Scope and content
A1998-035 consists of six series. The first series is Correspondence. This is further separated into professional and personal. The professional correspondence generally deals with the publication of McCracken's work, job applications, and grant information. There are also letters from several notable people including: Margaret Laurence, Eric Wilson, Timothy Findley, Peter C. Newman, Brian Mulroney, and David Suzuki. The personal correspondence includes letters from her father, brother and mother, and her friends: Sarah Yates-Howorth, David, Heather Robertson (see MSS 77), Joy Tataryn, and Myfwany Philips. As well, there is extensive correspondence with poet Coney Burns during the 1970s and 1980s, including samples of his poetry. The second series involves McCracken's Literary Career. It is divided into research, drafts, and published materials. There are newspaper clippings and book reviews regarding her literary work. As well, there is a small section of published work by other authors. The third series regards the years that McCracken worked at Manitoba Energy and Mines. This includes performance appraisals from 1986 and 1988, as well as speeches and other material that she produced during her years there. The fourth series has material from various Organizations that she was or is involved with. This organizations include The Writers' Union of Canada, Re:Visions, St. Norbert Arts and Cultural Centre, the Payment for Public Use/Book Committee, The Status of Women Writers Committee, the Manitoba Arts Council, the Manitoba Writers' Guild, Women and Words, the Manitoba Film Board, and The Canada Council. The fifth series contains material from McCracken's Academic Career. This includes a University of Manitoba transcript, English notes from Red River Community College, and material from Writers Who Teach Writing Roundtable 1997, and Artists in the School 1997. The final series is Miscellaneous. This includes ephemera from 1969, including tickets to see a newly formed band, Led Zepplin, as well as a receipt from a John Lennon/Yoko Ono concert in Toronto. There are also several folders of personal writings that include information on love, pregnancy, adoption, unemployment, and her college course, as well as other notes. These personal writings are considered confidential. There is also a Photograph Collection (PC 147) consisting of 69 photographs, and a Tape Collection (TC 93) consisting of 18 audio tapes and 1 record.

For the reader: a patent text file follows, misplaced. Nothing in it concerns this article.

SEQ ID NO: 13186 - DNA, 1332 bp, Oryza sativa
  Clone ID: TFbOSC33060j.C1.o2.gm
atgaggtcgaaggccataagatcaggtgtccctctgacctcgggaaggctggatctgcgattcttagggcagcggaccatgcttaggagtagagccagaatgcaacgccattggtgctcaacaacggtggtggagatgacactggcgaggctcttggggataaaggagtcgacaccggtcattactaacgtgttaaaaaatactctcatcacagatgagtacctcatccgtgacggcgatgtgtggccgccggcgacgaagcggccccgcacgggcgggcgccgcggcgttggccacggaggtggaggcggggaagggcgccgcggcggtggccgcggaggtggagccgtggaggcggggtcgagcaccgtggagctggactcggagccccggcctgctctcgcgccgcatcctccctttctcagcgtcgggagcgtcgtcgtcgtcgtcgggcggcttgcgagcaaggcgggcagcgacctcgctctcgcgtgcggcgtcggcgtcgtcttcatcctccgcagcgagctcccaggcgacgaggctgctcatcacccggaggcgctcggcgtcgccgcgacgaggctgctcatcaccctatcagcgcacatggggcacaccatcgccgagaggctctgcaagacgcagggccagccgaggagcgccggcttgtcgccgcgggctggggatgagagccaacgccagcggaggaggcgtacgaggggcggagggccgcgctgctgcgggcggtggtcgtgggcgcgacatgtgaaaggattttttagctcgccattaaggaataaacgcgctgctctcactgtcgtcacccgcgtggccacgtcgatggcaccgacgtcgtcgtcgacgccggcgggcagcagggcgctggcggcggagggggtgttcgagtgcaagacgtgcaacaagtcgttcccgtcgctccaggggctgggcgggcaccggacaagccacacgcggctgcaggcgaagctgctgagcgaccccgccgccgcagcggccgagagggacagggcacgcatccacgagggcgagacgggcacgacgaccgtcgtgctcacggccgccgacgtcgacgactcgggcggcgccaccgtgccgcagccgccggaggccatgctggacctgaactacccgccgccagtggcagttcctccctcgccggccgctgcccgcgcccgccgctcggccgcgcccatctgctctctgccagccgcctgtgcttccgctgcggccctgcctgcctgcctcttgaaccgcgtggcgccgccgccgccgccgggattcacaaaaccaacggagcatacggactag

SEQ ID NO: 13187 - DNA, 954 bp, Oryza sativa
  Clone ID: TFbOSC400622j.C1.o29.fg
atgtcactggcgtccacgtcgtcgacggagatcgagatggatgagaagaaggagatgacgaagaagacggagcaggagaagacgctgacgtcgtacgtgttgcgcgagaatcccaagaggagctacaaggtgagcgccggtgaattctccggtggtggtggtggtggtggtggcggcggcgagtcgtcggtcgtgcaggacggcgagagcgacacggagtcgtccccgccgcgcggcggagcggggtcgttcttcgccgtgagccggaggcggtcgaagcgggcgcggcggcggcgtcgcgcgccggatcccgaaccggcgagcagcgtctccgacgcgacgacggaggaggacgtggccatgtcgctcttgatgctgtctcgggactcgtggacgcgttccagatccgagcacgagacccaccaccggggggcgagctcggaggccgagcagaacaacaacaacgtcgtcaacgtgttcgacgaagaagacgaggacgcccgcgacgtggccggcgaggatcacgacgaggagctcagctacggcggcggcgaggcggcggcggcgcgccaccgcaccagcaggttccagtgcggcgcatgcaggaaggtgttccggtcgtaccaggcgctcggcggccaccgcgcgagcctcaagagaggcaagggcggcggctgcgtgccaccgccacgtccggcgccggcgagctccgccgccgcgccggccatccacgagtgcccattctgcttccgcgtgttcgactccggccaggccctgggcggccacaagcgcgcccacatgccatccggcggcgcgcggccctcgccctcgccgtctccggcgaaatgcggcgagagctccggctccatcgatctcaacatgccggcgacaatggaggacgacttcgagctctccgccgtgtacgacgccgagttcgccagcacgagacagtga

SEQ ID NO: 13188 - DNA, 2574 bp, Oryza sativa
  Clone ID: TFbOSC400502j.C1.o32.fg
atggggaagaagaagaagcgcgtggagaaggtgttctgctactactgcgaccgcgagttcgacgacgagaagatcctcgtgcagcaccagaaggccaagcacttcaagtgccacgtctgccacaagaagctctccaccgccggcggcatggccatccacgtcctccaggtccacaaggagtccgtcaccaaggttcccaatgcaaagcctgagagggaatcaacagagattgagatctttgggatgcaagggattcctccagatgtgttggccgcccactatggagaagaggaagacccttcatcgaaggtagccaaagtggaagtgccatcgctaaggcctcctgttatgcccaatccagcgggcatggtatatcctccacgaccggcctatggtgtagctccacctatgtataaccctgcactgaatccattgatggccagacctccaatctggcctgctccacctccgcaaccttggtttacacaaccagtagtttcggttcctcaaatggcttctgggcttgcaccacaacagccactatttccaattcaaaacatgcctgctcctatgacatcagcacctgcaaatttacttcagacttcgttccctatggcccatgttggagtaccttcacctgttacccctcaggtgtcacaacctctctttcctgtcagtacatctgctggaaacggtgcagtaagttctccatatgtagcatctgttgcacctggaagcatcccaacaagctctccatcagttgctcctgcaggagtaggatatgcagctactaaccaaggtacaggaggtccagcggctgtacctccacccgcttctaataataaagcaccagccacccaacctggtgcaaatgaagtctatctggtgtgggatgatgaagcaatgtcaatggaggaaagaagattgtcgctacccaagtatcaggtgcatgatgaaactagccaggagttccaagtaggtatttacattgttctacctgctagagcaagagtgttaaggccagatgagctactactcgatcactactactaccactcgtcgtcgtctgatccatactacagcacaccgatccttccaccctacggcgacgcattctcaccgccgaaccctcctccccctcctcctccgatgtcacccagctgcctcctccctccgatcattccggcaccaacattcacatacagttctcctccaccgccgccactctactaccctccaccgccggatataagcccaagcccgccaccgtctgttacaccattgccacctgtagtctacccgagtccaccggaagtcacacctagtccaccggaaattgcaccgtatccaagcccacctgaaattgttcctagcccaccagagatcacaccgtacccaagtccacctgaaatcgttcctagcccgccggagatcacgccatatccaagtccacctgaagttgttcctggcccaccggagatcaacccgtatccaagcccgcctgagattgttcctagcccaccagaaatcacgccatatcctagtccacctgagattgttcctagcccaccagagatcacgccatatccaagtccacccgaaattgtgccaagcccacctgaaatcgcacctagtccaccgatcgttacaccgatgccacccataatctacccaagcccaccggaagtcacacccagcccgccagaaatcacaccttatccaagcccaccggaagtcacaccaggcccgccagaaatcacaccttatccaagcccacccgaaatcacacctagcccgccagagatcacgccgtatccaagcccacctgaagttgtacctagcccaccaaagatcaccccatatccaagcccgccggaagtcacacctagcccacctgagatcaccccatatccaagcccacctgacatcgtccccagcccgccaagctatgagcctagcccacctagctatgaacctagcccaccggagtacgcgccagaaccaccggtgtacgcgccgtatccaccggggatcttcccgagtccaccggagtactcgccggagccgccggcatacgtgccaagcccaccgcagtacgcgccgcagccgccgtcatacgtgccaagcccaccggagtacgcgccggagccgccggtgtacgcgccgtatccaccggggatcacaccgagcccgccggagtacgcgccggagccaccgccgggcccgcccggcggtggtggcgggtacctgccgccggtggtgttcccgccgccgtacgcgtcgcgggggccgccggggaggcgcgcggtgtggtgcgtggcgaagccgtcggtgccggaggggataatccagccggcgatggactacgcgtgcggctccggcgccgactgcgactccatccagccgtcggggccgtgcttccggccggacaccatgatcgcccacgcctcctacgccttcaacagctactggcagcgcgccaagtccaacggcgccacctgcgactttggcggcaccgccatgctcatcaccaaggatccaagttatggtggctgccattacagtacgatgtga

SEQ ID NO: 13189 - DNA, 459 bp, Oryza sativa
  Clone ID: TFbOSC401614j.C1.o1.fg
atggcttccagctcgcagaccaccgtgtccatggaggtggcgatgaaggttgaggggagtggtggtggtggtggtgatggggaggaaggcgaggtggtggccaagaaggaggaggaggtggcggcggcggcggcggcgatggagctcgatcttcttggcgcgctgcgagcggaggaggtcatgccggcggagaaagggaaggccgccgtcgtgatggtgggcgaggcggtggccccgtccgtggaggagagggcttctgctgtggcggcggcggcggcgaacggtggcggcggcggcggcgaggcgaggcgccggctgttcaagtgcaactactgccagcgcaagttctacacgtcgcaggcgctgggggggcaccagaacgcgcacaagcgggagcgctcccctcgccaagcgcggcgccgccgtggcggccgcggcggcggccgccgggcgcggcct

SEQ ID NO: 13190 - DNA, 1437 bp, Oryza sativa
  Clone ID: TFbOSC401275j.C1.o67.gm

A2002-043 consists of biographical information, correspondence, personal journals, manuscripts, newspaper articles and clippings, personal files, photographs and audio and video tapes.
Immediate source of acquisition
A1998-035 is organized into seven series:
2. Literary Career
3. Manitoba Energy and Mines
5. Academic Career
7. Original Letters
PC 147 - Photographs
TC 93 - Audio Tapes
A2002-043 is organized into 12 series
1. Biographical information
4. Literary works
6. Miscellaneous works, handwritten notes
7. Personal files
9. PC 147 - Audiotapes
10. TC 93 - Photographs
12. Videocassettes and Computer disks
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A1998-035 finding aid created by Karyn Riedel Taylor and Lisa Friesen (2000). Finding aid encoded by Vladimira Zvonik (2003). Finding aid converted by Justin Fuhr (July 2016). Revision History: July 26, 2005 - MSS 141, PC 147, TC 93 converted from EAD 1.0 to 2002 by v1to02.xsl (sy2003-10-15). Revised by N. Courrier (April 2019).
A2002-043 finding aid created by Vladimira Zvonik (2002). Finding aid encoded by Vladimira Zvonik 2003. Finding aid converted by Justin Fuhr, July 2016. Revision History: July 26, 2005 - Mss 141, TC 93, PC 147 - A.02-43 converted from EAD 1.0 to 2002 by v1to02.xsl (sy2003-10-15). Revised by N. Courrier (April 2019).